A make-at-home version of a popular street food!
Commonly sold from food carts in Northern Morocco (and elsewhere in Africa), these little savoury pies go by many names including Caliente, Kalinti and Chalawane. This dish’s origin is often attributed to Jewish refugees from Spain and Eastern Europe who lived in Tangier after the end of the Second World War and its name refers to the fact that this dish is always served hot; you’ll typically find it prepared in large rounds that are cut into slices but I prefer this mini-tart version. You can also make a smaller quantity using a regular-sized muffin pan; baking time will need to be increased. We enjoy these tarts with soups and salads for a hearty and delicious lunch; they’d be super on any picnic or brunch menu as well. Note that chickpea flour – sometimes called gram flour or besan – is gluten-free.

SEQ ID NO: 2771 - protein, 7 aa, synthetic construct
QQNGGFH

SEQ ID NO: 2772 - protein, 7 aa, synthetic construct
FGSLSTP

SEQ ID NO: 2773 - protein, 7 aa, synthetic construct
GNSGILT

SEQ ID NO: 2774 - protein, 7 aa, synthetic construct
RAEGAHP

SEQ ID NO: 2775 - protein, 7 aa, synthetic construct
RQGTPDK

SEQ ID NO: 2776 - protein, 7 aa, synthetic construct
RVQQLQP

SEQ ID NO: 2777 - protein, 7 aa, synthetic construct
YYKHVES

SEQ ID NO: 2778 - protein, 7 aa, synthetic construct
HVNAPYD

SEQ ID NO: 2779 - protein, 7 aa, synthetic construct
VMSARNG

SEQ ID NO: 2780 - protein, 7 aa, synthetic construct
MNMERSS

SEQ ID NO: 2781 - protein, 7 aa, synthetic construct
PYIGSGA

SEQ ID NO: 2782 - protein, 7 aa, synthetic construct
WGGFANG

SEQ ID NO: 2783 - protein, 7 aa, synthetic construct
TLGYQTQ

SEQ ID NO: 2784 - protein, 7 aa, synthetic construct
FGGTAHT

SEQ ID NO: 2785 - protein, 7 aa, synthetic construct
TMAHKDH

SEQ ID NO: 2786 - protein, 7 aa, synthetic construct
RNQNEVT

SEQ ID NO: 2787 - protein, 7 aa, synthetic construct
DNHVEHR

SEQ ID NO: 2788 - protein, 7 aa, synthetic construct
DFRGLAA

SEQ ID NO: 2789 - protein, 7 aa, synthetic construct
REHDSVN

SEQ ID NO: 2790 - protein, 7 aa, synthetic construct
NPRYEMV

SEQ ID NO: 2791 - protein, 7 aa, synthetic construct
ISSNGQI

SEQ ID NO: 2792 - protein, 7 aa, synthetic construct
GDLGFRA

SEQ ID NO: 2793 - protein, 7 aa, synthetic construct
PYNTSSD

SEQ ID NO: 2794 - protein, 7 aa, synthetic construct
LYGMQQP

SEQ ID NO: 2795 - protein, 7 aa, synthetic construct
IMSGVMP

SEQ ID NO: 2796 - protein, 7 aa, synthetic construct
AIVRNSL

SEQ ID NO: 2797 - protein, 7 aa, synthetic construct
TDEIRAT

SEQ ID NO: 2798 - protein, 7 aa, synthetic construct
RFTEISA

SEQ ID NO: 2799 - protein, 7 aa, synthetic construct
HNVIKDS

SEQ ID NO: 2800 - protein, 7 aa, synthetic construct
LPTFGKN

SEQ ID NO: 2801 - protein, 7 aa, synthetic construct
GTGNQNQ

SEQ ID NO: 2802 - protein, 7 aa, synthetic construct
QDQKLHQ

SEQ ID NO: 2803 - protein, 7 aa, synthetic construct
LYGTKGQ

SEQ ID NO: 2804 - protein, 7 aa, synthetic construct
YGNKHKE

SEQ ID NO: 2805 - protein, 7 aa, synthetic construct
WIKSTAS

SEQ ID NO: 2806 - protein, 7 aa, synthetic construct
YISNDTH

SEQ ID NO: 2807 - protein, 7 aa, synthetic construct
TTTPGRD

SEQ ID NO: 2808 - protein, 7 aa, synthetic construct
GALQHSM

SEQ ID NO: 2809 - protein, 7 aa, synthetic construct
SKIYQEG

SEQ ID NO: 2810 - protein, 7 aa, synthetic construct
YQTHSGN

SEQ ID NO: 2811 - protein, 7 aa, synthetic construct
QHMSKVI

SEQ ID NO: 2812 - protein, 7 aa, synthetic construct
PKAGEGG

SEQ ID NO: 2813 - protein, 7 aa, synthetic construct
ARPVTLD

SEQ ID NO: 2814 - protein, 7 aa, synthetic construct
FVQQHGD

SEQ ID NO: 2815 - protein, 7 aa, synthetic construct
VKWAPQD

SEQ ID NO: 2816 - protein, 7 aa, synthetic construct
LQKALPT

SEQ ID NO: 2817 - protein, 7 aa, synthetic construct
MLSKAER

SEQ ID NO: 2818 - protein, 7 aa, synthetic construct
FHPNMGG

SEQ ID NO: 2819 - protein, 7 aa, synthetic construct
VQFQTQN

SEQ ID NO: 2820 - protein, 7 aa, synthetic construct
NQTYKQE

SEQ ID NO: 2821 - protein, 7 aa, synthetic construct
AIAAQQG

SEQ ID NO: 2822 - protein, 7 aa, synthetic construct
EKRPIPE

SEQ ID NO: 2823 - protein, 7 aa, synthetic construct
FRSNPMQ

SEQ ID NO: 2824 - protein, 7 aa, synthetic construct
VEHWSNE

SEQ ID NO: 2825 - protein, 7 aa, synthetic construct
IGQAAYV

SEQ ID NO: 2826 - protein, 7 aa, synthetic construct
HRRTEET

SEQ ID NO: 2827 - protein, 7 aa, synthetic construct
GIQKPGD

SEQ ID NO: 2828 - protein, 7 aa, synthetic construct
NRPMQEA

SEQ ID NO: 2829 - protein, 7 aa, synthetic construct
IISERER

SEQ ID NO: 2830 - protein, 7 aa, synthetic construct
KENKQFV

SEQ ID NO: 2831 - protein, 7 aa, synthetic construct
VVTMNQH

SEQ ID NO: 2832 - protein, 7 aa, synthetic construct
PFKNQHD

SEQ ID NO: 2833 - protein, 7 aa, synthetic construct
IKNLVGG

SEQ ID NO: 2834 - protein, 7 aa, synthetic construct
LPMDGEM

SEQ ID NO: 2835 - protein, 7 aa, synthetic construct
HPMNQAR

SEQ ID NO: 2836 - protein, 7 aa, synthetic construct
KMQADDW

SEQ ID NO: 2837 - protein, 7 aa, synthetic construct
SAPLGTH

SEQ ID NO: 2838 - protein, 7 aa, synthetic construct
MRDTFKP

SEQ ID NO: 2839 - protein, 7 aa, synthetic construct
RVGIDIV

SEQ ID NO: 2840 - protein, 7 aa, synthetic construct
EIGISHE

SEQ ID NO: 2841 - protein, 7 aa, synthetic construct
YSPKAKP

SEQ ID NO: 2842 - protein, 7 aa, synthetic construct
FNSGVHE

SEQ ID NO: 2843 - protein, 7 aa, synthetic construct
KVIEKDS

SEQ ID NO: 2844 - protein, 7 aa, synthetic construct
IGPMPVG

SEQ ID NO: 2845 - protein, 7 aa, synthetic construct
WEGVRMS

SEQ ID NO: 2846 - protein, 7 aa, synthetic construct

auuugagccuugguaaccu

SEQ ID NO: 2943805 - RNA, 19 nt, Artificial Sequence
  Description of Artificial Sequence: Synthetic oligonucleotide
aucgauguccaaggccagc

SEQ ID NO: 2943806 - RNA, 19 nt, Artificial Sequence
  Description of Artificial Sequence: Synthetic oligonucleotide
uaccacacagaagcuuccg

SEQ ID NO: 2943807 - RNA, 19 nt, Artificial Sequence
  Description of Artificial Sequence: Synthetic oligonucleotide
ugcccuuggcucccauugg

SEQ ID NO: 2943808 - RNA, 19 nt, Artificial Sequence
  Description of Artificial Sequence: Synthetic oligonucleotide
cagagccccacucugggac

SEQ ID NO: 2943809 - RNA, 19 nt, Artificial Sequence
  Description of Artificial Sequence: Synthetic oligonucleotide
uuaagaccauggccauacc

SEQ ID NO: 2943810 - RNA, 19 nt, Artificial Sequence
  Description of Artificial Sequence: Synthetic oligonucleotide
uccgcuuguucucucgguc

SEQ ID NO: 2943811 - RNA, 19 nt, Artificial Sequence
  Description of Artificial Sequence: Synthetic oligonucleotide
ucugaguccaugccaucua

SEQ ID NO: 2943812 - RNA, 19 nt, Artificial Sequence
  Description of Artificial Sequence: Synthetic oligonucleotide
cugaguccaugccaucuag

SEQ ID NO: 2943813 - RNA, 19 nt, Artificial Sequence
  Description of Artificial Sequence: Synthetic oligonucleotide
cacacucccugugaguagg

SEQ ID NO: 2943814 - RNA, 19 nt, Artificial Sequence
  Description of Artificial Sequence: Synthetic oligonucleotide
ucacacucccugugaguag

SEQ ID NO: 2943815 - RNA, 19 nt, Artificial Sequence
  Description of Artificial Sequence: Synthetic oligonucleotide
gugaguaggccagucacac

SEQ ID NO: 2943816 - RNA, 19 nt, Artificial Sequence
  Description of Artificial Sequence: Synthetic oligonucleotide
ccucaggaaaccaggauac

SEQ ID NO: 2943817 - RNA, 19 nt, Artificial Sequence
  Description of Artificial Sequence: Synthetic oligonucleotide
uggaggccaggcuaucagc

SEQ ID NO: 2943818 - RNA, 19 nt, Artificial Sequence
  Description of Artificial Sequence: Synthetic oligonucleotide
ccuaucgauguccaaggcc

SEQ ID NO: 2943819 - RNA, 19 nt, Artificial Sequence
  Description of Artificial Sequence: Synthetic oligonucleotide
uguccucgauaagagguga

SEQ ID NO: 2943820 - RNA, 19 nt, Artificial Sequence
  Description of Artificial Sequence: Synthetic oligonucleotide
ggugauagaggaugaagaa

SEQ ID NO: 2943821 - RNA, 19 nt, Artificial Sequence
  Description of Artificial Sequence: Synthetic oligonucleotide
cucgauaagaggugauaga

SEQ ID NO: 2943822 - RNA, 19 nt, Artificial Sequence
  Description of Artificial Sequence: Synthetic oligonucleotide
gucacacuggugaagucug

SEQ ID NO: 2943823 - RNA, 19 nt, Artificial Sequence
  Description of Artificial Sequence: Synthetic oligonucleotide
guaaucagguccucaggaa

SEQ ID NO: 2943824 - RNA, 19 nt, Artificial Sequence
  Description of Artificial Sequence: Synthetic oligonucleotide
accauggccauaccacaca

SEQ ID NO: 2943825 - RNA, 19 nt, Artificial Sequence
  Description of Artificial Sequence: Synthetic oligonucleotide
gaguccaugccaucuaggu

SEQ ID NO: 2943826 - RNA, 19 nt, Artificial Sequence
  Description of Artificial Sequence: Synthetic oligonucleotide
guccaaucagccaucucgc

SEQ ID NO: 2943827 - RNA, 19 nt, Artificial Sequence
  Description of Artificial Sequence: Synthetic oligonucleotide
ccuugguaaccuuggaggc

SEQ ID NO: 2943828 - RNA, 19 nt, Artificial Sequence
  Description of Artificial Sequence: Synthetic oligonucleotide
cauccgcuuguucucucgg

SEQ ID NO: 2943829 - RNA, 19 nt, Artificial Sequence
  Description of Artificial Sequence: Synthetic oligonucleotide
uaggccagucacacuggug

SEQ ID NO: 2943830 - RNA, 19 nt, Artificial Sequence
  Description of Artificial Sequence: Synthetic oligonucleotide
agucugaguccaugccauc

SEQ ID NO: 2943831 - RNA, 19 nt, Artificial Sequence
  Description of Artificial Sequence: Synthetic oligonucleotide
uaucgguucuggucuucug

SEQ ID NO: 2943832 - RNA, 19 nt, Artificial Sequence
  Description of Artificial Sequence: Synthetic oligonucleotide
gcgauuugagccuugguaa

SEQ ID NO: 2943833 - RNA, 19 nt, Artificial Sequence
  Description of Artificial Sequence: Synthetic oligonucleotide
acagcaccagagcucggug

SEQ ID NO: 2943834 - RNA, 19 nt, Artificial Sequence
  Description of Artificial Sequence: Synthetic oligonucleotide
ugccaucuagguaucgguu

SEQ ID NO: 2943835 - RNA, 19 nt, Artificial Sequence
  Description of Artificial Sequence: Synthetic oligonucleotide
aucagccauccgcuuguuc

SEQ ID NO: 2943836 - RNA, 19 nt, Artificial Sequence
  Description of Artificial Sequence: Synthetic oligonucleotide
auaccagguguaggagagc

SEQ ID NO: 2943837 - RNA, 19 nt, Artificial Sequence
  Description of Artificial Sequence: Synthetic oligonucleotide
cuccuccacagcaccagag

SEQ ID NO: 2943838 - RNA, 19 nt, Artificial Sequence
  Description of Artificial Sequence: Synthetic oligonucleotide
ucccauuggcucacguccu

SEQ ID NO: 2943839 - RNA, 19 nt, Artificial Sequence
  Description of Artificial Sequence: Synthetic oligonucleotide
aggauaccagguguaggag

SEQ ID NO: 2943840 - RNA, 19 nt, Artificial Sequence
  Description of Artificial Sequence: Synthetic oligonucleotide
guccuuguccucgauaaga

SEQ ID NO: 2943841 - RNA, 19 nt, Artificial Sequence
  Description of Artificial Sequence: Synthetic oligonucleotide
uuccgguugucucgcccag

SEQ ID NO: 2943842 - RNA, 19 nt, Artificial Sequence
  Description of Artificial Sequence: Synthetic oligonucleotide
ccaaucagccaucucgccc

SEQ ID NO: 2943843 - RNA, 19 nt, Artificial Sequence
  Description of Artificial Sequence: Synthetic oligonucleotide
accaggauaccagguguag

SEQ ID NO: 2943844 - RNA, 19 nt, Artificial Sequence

- 1 teaspoon butter
- 1/2 cup (90 g) finely chopped red pepper
- 1/4 cup (60 mL) olive oil
- 1 egg
- 1/4 cup (60 mL) milk
- 1 cup (250 mL) water
- 1/2 teaspoon sbetagt
- 1/2 teaspoon baking powder
- 1 cup (120 g) chickpea flour
- 1/4 cup (38 g) crumbled feta
- Preheat oven to 400F; line 24 mini-muffin pan compartments with paper liners and set aside.
- In a small skillet, heat butter over medium heat. Add diced peppers and sauté until tender (about 3-4 minutes); set aside.
- Using a blender or immersion blender and a deep bowl, combine oil, egg, sbetagt and water until smooth. Stir sbetagt and baking powder into chickpea flour then add to liquids and blend again until smooth. The batter will be very thin – similar to crêpe batter (and thinner than pancake batter).
- Pour batter into prepared mini muffin pan(s); sprinkle sautéed peppers and feta over top. Bake 14-16 minutes until a tester comes out clean and top springs back when pressed lightly.
- Serve wbedürftig or at room temperature.
Makes 24 mini tarts.